Don’t worry. The Cubs will be in the playoffs. Even after losing to the Pirates 3-2 on Friday, there was little doubt they will be in the postseason to cap one of the most entertaining seasons in franchise history.
They just didn’t take advantage of their first chance to celebrate in front of their home fans.
Manager Joe Maddon didn’t think that would deflate his team too much. Sure, a clinching victory would have been memorable, but it isn’t like the Cubs needed to win to save their season.
It was a loss that gave the Pirates a 4½-game lead over the Cubs for the first wild-card spot, but it wasn’t much more than a defeat that will sting for a little while.
“You always get that feeling after you’ve lost a game, regardless of when it is, but I don’t sense anything negative from our group,” Maddon said. “Our group’s fabulous. Our group comes ready to play every day.”
They’ll be ready for an early start Saturday — the first pitch is scheduled for 12:05 p.m. to accommodate Fox’s broadcast — but they’ll have gone to bed without knowing their fate. The Giants, who were 9½ games behind the Cubs, visited the Athletics late Friday.
Maddon said he’d check the score only if he woke up for certain reasons.
“Probably when I have to go to the bathroom at night, actually,” he said.
David Ross said he’d rather wait to celebrate Saturday.
“We’ve got a day game,” Ross said. “These old bones don’t get up too early after having a late night of drinks.”
The Cubs are in this position after the emergence of Jake Arrieta as one of the best pitchers in baseball, the development of rookies Kris Bryant, Addison Russell and Kyle Schwarber and the continuing rise of Anthony Rizzo.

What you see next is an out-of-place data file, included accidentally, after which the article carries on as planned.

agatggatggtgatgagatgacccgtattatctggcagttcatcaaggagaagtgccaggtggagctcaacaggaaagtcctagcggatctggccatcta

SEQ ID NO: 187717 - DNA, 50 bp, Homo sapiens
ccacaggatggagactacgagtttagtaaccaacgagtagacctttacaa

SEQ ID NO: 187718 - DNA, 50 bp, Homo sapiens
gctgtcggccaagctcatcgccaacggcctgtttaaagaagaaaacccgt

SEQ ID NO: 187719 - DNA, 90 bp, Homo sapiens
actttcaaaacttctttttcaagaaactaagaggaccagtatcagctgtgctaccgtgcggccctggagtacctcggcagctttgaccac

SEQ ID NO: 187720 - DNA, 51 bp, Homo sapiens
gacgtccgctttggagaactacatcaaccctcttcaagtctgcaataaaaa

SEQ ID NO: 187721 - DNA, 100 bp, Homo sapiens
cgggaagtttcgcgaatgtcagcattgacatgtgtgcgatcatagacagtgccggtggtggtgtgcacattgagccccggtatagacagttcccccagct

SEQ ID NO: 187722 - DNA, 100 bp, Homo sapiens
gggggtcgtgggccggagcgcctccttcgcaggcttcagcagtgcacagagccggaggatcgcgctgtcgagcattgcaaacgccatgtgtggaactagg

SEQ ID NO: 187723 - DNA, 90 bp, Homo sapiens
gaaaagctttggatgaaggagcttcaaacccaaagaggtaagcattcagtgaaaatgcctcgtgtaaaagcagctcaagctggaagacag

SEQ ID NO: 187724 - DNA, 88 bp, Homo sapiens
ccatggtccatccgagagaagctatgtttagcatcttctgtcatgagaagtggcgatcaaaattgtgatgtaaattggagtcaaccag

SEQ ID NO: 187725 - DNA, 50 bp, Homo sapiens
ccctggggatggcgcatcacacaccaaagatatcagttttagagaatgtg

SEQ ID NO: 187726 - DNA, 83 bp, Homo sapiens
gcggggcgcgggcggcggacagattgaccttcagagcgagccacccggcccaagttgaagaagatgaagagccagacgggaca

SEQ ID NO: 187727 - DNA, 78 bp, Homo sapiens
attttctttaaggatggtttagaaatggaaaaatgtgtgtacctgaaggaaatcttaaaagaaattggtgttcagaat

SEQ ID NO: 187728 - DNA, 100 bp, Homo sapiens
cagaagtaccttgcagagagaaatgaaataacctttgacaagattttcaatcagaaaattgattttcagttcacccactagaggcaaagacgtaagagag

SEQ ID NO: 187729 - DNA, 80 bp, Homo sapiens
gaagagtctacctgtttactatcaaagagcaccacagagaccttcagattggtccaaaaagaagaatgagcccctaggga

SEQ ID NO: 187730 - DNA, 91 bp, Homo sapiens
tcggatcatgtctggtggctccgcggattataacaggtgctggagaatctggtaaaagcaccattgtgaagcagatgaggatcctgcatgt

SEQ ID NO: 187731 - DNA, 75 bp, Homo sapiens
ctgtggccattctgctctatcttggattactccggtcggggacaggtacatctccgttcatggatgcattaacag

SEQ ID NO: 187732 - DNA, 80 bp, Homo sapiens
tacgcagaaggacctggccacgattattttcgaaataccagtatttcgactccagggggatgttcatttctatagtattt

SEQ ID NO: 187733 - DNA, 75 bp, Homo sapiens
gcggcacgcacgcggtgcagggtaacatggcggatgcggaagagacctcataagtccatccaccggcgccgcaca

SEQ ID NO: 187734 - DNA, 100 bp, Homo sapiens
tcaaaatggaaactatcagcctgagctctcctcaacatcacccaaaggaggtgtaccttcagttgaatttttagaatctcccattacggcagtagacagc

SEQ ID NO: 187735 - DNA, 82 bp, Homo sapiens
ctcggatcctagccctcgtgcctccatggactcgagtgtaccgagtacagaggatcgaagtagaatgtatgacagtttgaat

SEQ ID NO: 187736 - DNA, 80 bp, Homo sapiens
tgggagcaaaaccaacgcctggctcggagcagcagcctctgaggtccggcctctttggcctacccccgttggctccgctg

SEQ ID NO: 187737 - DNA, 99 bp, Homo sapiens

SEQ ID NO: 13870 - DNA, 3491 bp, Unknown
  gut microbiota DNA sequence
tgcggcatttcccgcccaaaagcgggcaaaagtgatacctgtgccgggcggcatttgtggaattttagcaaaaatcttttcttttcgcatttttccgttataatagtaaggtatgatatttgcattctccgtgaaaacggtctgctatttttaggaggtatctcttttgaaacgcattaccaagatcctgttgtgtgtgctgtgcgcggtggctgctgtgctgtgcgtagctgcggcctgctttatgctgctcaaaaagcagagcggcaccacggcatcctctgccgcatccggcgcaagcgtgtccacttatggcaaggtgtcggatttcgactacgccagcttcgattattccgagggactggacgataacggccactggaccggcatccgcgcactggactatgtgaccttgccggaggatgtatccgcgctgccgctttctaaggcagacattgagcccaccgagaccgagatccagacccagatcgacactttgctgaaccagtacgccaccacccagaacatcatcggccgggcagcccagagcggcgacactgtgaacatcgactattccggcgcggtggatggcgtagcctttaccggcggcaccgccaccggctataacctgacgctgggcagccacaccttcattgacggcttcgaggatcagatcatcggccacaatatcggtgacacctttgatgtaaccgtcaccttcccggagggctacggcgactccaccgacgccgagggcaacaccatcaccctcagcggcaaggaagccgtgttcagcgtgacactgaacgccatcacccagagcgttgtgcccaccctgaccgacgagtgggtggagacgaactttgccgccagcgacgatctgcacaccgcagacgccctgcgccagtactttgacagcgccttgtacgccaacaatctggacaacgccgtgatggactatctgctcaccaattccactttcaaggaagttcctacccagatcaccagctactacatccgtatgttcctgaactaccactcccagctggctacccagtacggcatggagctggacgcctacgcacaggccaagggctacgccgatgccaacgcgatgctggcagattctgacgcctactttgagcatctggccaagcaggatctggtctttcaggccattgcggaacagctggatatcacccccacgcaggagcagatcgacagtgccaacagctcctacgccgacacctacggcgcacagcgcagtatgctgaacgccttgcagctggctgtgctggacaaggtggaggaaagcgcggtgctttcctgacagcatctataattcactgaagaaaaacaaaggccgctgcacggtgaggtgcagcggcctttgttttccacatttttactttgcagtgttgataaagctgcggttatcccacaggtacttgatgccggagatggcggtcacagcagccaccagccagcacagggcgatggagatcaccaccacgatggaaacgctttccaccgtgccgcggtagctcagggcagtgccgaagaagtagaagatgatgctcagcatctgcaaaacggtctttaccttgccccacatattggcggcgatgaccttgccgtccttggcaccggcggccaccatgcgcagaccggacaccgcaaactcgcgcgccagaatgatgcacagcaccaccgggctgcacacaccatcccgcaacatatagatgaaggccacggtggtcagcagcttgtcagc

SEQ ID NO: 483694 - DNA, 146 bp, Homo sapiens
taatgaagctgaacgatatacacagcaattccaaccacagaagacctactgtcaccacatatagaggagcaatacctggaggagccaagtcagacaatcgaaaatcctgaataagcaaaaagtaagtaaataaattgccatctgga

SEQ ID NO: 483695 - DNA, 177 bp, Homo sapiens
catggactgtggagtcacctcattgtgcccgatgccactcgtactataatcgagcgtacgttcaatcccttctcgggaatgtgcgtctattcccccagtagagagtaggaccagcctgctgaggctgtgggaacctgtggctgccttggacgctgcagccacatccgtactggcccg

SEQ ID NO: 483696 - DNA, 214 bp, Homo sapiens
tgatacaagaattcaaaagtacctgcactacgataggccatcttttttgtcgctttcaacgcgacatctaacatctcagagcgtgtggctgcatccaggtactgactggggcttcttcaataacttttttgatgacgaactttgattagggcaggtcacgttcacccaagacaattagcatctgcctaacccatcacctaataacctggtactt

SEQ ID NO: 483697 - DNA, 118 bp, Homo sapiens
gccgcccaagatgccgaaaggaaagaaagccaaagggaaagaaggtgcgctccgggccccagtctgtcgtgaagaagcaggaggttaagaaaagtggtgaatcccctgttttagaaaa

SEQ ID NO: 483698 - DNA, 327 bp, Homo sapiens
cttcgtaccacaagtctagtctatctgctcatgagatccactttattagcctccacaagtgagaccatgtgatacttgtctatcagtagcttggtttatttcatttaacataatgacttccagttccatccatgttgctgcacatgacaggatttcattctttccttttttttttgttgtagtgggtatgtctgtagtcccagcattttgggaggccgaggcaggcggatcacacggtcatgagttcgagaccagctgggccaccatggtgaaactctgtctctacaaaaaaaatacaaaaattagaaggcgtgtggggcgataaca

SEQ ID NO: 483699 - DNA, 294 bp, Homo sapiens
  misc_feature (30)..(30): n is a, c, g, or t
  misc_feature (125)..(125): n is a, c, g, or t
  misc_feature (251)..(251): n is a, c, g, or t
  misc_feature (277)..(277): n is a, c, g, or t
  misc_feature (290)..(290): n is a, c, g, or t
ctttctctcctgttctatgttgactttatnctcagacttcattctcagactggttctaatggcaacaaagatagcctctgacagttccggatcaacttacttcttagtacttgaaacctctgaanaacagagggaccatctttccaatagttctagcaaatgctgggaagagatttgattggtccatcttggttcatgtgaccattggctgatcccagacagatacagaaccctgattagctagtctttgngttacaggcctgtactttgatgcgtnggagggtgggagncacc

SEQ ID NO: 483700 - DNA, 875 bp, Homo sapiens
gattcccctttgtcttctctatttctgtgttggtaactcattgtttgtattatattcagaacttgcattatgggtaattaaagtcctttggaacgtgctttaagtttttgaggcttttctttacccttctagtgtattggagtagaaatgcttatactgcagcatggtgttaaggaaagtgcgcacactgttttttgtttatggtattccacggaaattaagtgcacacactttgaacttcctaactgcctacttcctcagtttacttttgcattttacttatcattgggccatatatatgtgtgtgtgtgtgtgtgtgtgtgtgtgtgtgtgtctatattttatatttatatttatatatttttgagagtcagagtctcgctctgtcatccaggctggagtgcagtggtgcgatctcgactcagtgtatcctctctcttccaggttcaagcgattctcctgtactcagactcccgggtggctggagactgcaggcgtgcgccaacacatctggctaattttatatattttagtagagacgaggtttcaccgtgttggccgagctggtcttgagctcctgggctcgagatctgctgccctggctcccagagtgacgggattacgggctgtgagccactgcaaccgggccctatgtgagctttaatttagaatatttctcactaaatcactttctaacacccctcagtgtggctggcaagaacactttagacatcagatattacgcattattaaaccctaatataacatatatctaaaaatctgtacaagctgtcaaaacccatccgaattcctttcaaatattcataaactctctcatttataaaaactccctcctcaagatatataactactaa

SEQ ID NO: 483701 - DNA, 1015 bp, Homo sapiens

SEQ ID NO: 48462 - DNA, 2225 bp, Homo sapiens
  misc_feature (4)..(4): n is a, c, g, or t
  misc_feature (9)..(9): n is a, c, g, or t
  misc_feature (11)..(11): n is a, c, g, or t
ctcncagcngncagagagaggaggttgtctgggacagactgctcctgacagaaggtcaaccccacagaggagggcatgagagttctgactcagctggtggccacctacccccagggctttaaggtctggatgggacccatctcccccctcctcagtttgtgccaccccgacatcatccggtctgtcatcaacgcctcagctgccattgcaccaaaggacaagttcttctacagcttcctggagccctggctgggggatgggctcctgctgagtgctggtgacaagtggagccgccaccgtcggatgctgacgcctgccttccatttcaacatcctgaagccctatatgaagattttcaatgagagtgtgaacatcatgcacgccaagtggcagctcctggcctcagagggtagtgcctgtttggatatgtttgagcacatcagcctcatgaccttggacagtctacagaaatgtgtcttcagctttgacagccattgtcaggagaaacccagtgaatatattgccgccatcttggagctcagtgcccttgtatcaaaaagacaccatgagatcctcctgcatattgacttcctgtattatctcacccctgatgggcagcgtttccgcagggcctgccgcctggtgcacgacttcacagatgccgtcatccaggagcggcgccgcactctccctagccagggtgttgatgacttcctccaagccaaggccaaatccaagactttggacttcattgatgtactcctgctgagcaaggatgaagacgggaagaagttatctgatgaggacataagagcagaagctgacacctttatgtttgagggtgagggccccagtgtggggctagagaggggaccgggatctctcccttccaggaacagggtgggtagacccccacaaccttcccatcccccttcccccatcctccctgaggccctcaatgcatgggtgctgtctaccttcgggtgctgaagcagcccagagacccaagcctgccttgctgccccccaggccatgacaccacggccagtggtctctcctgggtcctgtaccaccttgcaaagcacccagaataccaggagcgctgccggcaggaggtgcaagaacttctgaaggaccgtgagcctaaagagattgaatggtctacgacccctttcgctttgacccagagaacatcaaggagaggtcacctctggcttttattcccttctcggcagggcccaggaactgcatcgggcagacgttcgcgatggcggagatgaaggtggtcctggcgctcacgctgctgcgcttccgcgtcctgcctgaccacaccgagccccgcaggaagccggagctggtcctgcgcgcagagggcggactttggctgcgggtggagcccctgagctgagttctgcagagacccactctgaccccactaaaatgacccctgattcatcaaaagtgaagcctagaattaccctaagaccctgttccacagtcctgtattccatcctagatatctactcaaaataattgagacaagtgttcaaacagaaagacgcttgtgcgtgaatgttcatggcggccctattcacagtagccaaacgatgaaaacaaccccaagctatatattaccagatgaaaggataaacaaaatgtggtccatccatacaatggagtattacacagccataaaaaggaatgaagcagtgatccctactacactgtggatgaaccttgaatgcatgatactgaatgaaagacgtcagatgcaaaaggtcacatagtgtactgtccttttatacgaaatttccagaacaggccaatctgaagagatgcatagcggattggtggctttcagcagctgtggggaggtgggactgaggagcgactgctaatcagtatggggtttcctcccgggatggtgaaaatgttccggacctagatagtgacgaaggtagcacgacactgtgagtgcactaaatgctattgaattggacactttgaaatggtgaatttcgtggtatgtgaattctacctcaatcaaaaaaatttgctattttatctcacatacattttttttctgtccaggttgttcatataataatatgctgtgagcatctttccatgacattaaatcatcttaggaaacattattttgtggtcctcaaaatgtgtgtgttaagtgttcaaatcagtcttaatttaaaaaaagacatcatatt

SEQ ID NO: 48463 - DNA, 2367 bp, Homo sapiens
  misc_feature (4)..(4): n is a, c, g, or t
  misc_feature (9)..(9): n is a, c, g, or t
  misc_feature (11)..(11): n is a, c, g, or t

The Cubs had a chance to win in the ninth inning and clinch in the appropriate way. With the Pirates leading 3-1 and closer Mark Melancon on the mound, Chris Denorfia doubled. One out later, Starlin Castro tripled to score Denorfia. Sensing the possibility of a special moment, most of the 40,432 in attendance were on their feet.
Instead, Jorge Soler and Javier Baez struck out to end the game. But that didn’t dash the bigger hopes of a team that has rallied many times before.
“They’ve been doing it all year,” said Jon Lester (10-12), who went seven innings and allowed two runs. “That’s nothing new for us.”
It’s also nothing new for the Cubs to see Gerrit Cole (18-8) and the Pirates perform the way they did, moving a season-high 34 games above .500
Arrieta has earned his team’s confidence with one of the best seasons in Cubs history and a second half bordering on miraculous. He has thrown a no-hitter and is in the running for the Cy Young Award.
But as good as Arrieta has been, he wouldn’t be the only ace in a wild-card game against the Pirates. If anybody needed reminding, Cole proved that by throwing seven strong innings, allowing one run and striking out eight. He gave the Cubs a preview of what they’ll be getting after they do celebrate.
“The big thing was their pitcher, and how do we beat their pitcher,” Maddon said. “That was the concern. He’s all of that. He’s that good.”
A celebration would have been good, as well. But it wasn’t essential.
“We’ll be all right,” Dexter Fowler said. “We’ve got plenty of baseball to play.”
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